Forest Deptt starts community patrol to protect Sundarbans

Bagerhat – Bangladesh Forest Department has introduced community patrolling involving locals to protect forest resources and check wildlife poaching in the Sundarbans, the lone natural habitat of Bengal tigers.
“The Forest Department has gone for its first-ever community patrolling in the Sundarbans involving the locals as the poaching of wildlife, including tigers and deer, has marked an unusual rise in recent times in the mangrove forest,” divisional forest officer (Sundarbans East) M Saidul Islam told reorters.

On March 4, 2016, the Forest Department formed a 35-member ‘Community Patrolling Group’ involving four women. The forest dwellers dependent on the Sundarbans have been included in the group. The community group, divided into five teams, is now patrolling in the Sundarbans East Zone round the clock.
According to official sources, the ‘Community Patrolling Group’, formed under the World Bank-funded Strengthening Regional Cooperation for Wildlife Protection Project, is working along with forest officials to check the poaching of wildlife and helps the Forest Department and the law enforcers fight pirates in the Sundarbans.
The community group members, already provided with special uniform, jackets, torchlight, shoes and blow-horns, are currently working with the Forest Department as volunteers, but they will be brought under income-generating activities in the coming days, the forest officials said.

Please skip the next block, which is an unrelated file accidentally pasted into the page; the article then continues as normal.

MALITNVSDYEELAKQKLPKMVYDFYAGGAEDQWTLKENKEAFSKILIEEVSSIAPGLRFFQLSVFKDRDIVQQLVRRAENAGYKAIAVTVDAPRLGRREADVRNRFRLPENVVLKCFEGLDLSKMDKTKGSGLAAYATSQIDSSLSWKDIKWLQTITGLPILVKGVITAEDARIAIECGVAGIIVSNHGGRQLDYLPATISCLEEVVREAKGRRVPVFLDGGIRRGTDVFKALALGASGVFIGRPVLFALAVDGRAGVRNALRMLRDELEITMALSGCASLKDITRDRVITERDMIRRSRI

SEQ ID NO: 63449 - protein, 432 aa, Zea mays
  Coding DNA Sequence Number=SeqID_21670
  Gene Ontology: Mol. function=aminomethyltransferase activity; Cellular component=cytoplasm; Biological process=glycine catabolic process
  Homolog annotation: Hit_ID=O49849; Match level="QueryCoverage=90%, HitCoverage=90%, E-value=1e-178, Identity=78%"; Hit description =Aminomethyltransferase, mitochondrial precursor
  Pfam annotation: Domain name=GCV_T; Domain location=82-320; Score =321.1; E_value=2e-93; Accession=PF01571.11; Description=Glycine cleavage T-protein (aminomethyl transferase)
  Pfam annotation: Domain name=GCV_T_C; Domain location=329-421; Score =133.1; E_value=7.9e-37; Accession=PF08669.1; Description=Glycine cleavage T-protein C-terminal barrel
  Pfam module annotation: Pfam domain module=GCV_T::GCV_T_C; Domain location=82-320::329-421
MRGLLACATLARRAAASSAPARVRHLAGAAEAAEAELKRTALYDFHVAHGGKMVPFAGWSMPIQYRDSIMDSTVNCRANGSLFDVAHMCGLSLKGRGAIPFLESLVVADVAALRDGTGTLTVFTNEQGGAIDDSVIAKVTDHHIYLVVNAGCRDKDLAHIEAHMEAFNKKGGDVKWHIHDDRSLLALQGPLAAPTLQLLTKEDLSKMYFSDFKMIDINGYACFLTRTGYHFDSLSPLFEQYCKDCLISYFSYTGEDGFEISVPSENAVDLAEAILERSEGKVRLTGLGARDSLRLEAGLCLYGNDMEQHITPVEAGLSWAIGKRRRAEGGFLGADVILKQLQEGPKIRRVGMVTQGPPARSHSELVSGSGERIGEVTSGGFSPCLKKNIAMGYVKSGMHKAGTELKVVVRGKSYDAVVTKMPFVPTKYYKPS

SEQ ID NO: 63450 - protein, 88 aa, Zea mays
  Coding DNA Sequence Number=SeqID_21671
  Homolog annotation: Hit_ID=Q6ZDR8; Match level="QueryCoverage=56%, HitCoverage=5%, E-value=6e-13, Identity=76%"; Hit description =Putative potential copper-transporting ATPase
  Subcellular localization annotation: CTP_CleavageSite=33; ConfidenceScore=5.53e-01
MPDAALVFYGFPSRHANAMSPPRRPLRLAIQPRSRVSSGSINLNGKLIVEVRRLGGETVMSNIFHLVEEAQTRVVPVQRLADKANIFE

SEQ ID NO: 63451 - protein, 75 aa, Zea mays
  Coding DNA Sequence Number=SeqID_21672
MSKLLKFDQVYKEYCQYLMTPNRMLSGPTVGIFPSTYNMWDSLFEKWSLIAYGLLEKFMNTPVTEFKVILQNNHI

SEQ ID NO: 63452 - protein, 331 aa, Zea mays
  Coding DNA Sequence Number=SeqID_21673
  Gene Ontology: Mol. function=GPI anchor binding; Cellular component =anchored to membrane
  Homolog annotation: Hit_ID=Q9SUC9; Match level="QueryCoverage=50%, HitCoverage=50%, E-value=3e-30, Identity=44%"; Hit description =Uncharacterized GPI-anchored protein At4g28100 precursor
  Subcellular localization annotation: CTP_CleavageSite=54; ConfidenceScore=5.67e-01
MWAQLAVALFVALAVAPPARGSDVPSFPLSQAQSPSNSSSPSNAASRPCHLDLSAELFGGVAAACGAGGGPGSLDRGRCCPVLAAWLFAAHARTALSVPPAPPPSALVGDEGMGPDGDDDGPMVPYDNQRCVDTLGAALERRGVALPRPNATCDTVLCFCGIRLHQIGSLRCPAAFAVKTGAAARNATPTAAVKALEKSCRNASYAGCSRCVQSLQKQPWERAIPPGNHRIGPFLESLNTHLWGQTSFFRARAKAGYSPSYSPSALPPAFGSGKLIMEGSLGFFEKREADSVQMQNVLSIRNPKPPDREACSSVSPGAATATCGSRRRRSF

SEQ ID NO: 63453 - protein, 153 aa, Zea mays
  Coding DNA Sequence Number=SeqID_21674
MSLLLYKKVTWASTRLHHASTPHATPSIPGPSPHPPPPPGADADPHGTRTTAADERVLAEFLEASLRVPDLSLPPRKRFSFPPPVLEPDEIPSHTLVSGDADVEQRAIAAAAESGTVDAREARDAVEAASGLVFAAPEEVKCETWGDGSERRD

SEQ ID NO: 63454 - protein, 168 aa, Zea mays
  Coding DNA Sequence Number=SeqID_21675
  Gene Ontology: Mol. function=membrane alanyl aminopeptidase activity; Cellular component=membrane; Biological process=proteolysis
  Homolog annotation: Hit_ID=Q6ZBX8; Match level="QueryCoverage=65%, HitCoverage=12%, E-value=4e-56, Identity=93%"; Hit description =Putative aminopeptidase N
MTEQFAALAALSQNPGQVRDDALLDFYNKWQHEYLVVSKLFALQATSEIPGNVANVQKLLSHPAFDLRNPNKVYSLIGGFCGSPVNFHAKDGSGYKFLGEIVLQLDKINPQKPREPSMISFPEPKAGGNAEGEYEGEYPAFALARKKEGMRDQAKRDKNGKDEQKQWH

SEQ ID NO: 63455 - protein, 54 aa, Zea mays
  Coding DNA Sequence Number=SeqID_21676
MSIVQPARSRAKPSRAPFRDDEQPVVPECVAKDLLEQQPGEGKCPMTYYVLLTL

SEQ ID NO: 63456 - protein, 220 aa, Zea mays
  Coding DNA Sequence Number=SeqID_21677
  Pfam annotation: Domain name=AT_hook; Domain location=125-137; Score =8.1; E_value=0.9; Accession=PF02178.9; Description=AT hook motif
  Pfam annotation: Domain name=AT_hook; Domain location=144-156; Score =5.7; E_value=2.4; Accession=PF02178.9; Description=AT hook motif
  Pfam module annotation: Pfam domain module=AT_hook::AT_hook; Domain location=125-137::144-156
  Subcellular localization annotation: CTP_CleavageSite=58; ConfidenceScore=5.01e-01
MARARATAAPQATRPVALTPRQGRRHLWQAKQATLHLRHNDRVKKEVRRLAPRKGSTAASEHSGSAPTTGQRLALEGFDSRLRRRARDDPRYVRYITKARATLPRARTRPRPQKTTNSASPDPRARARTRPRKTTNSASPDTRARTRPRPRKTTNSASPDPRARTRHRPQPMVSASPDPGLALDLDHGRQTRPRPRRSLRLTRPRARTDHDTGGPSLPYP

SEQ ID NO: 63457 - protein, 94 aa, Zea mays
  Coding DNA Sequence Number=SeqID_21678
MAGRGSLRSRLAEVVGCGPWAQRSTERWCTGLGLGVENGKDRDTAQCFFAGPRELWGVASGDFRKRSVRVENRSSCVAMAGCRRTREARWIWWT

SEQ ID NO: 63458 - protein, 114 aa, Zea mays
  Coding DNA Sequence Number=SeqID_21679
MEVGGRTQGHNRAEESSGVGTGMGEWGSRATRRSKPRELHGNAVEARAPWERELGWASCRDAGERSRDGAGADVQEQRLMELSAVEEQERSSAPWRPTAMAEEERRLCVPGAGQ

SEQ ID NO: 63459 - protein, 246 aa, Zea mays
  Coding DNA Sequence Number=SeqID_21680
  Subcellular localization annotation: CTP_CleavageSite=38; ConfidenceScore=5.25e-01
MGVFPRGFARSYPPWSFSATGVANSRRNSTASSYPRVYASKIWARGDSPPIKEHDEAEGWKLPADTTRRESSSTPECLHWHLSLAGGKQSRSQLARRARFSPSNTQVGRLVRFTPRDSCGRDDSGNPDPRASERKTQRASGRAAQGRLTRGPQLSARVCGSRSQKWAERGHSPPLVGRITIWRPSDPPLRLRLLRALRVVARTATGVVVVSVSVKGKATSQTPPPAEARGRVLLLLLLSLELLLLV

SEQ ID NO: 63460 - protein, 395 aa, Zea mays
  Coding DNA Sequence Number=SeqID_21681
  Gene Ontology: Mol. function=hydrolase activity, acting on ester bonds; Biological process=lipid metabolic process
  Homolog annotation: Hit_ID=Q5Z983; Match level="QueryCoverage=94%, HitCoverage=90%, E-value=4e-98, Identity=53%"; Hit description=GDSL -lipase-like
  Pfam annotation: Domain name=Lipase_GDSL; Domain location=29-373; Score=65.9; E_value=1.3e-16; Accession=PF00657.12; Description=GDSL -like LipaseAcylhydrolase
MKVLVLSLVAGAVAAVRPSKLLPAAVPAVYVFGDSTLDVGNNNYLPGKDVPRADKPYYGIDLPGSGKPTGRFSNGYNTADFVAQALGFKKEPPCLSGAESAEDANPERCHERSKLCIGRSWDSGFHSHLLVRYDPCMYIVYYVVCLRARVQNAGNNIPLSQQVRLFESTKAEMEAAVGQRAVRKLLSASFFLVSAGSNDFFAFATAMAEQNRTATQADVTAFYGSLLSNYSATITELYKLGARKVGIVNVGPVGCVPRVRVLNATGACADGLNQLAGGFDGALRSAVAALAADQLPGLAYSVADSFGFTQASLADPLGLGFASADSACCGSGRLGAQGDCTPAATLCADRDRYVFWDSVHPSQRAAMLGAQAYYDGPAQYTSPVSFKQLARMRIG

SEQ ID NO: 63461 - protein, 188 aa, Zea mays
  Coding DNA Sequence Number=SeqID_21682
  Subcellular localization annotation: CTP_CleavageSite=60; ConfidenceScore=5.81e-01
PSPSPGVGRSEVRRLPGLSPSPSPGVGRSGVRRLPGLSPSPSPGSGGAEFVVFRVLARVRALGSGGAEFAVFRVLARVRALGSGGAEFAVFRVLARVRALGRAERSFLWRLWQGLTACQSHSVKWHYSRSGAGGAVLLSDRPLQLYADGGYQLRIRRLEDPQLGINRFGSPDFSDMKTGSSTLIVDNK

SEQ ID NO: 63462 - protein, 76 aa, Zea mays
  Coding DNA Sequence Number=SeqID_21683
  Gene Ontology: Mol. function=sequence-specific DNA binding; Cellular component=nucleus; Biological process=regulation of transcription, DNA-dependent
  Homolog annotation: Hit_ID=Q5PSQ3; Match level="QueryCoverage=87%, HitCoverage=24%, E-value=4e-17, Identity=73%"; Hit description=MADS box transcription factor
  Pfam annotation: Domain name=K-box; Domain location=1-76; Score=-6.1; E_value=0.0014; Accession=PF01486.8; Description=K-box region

The Sundarbans, a natural habitat also for dolphins, encompasses three coastal districts — Khulna, Bagerhat and Satkhira — covering 6,017 square kilometres. There are around 450 canals and rivers inside the mangrove forest, sheltering crocodiles and dolphins.
Saidul Islam said if the people living nearby the Sundarbans come forward, it will easily be possible to protect the forest resources and check illegal activities and wildlife poaching.
Similar community patrolling will be introduced in Sharankhola range of the Sundarbans East Zone at the end of this month, he added.
Locals say the Bengal tigers are in danger in the Sundarbans, also a Unesco world heritage site with unique ecosystem, as hunters are desperately poaching the wildlife there. Some organised gangs are active in the forest to kill tigers and other animals by trap, poison-trap and firing. They are also involved in smuggling wildlife and forest resources.
Wildlife is currently facing various troubles in the Sundarbans for the unchecked poaching and destruction of forests. According to the Tiger Census 2015, the tiger population declined to only 106 tigers in the Bangladesh part of the Sundarbans in 2015 while it was 440 in 2004.
The preliminary findings of a new crocodile survey also reveals that there are now only 120-130 crocodiles in the rivers and canals of the mangrove forest while the number was about 200 in 2004. – UNB